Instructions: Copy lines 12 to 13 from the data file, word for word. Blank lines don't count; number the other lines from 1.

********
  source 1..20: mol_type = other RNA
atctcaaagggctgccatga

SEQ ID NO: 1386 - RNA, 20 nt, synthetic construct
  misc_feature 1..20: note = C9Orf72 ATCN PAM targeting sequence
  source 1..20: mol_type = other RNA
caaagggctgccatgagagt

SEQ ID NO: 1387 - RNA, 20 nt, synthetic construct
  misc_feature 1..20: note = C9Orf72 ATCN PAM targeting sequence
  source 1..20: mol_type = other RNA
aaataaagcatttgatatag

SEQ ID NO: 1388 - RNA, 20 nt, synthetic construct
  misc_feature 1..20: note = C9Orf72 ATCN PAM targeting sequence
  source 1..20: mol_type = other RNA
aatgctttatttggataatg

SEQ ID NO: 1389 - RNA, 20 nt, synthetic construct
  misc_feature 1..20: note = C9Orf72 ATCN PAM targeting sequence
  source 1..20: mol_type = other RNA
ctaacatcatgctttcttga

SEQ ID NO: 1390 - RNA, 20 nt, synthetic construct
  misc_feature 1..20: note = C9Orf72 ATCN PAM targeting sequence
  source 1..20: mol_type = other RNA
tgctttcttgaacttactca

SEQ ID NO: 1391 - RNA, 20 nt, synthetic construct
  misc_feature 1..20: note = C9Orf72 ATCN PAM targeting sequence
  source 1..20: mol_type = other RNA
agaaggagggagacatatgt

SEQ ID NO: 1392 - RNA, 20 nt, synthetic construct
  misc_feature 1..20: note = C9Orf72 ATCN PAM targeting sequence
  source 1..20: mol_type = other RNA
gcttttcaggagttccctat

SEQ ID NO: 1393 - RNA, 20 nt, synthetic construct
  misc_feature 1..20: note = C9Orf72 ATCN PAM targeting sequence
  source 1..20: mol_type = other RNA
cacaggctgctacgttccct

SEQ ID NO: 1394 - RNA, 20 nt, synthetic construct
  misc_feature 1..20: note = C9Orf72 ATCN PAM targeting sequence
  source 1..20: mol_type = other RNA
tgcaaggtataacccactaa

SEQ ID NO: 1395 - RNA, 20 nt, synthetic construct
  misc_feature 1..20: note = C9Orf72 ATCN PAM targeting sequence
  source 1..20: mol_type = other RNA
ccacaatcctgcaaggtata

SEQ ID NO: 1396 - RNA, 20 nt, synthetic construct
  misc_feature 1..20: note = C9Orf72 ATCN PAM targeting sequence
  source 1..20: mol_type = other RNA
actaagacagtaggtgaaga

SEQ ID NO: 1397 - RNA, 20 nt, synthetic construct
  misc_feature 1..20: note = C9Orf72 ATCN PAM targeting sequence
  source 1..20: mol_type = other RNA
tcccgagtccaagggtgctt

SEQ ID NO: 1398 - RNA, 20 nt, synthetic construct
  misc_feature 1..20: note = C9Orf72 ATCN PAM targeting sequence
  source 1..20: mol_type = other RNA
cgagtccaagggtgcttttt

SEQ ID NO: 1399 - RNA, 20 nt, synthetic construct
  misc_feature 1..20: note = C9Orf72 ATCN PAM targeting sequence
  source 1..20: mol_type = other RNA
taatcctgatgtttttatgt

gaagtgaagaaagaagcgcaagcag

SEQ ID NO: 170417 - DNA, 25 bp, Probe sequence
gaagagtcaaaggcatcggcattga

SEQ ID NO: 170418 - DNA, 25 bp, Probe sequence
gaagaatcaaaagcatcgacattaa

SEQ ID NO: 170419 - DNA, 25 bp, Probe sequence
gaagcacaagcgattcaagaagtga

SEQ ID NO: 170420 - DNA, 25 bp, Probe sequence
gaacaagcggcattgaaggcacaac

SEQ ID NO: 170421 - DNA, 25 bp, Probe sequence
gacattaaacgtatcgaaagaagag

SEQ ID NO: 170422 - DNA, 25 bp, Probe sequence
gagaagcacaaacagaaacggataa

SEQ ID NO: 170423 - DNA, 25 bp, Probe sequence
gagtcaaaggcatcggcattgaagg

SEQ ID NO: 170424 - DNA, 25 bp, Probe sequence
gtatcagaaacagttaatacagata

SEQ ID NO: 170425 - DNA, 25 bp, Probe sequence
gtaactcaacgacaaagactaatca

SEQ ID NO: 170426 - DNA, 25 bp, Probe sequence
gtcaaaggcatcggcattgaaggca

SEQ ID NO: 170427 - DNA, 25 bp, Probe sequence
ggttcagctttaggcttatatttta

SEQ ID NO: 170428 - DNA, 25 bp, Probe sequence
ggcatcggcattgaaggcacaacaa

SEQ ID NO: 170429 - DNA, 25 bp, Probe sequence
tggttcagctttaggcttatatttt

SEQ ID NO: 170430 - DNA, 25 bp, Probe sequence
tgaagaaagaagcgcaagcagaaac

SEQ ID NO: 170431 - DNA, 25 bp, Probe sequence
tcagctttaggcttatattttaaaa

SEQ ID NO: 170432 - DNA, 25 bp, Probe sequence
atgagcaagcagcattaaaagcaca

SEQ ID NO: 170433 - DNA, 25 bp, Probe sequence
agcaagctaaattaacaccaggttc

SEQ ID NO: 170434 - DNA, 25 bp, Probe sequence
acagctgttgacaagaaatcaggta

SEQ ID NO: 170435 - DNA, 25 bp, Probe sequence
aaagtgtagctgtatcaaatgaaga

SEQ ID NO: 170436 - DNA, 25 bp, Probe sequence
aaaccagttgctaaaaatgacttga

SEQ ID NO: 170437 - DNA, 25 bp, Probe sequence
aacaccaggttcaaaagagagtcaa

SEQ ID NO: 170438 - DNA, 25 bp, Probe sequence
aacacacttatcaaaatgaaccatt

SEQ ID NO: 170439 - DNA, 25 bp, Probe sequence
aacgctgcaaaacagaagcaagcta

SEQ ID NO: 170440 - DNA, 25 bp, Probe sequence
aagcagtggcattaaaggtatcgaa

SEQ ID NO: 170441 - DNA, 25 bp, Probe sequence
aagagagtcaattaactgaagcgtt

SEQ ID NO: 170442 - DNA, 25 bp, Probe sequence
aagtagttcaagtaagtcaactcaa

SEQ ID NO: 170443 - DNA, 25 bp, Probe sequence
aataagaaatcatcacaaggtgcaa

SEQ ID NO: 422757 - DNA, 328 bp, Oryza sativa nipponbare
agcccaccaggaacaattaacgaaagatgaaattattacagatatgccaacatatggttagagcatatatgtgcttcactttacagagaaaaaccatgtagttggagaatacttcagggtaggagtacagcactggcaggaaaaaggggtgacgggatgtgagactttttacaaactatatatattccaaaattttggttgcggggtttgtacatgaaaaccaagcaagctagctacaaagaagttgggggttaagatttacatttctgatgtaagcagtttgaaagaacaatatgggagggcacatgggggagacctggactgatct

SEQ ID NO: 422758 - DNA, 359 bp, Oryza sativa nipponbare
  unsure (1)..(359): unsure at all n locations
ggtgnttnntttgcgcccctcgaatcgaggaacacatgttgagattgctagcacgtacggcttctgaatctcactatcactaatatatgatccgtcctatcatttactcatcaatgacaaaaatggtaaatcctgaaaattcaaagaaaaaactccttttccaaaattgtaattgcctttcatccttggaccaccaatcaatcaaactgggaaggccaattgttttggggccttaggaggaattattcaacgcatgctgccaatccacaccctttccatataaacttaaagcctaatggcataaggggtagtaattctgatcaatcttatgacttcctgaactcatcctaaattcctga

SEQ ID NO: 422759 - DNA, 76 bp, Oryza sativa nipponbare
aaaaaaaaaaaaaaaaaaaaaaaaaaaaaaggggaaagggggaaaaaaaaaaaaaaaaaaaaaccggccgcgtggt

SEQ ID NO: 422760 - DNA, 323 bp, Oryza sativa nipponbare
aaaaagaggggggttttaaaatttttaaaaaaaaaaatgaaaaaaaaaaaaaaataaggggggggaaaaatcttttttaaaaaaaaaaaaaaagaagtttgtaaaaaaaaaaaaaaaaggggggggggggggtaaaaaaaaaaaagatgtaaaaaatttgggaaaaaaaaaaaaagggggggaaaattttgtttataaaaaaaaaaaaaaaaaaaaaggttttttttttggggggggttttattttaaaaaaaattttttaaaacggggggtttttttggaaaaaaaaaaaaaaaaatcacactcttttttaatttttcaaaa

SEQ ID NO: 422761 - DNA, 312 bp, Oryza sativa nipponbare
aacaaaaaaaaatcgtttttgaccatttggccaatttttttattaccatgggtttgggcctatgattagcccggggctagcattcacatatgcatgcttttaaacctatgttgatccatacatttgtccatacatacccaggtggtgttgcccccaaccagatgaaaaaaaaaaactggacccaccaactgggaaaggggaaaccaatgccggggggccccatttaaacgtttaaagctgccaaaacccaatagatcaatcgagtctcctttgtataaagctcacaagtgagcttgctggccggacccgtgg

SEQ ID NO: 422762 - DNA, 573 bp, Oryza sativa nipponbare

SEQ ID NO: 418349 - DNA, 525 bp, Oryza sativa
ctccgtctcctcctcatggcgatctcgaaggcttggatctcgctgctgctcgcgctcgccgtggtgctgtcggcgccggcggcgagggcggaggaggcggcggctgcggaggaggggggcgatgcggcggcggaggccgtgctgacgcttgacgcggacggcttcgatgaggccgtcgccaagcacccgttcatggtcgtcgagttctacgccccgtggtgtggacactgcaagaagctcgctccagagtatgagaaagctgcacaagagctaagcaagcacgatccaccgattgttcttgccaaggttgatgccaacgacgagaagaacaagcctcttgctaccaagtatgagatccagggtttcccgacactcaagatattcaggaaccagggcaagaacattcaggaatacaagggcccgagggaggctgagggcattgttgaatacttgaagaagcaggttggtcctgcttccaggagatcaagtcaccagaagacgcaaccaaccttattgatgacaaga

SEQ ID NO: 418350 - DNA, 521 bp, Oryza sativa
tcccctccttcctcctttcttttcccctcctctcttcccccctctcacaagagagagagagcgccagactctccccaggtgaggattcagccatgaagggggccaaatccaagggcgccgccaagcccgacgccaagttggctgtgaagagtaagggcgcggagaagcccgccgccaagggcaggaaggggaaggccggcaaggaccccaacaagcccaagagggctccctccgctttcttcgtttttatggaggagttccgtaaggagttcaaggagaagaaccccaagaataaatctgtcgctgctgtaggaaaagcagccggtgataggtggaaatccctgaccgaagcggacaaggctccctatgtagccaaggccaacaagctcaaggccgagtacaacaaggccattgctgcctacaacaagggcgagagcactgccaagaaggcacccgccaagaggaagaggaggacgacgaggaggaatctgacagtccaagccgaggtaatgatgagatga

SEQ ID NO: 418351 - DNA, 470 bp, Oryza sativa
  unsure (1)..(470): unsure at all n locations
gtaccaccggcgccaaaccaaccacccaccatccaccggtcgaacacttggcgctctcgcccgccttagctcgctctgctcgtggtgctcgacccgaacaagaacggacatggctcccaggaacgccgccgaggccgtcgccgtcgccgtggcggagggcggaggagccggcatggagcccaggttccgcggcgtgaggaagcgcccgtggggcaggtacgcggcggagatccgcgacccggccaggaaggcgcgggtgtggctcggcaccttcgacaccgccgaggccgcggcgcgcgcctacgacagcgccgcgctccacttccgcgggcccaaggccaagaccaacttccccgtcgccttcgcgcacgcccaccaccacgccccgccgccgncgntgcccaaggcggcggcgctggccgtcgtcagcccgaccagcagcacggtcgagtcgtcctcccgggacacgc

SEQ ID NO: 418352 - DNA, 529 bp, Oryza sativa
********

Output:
  misc_feature 1..20: note = C9Orf72 ATCN PAM targeting sequence
  source 1..20: mol_type = other RNA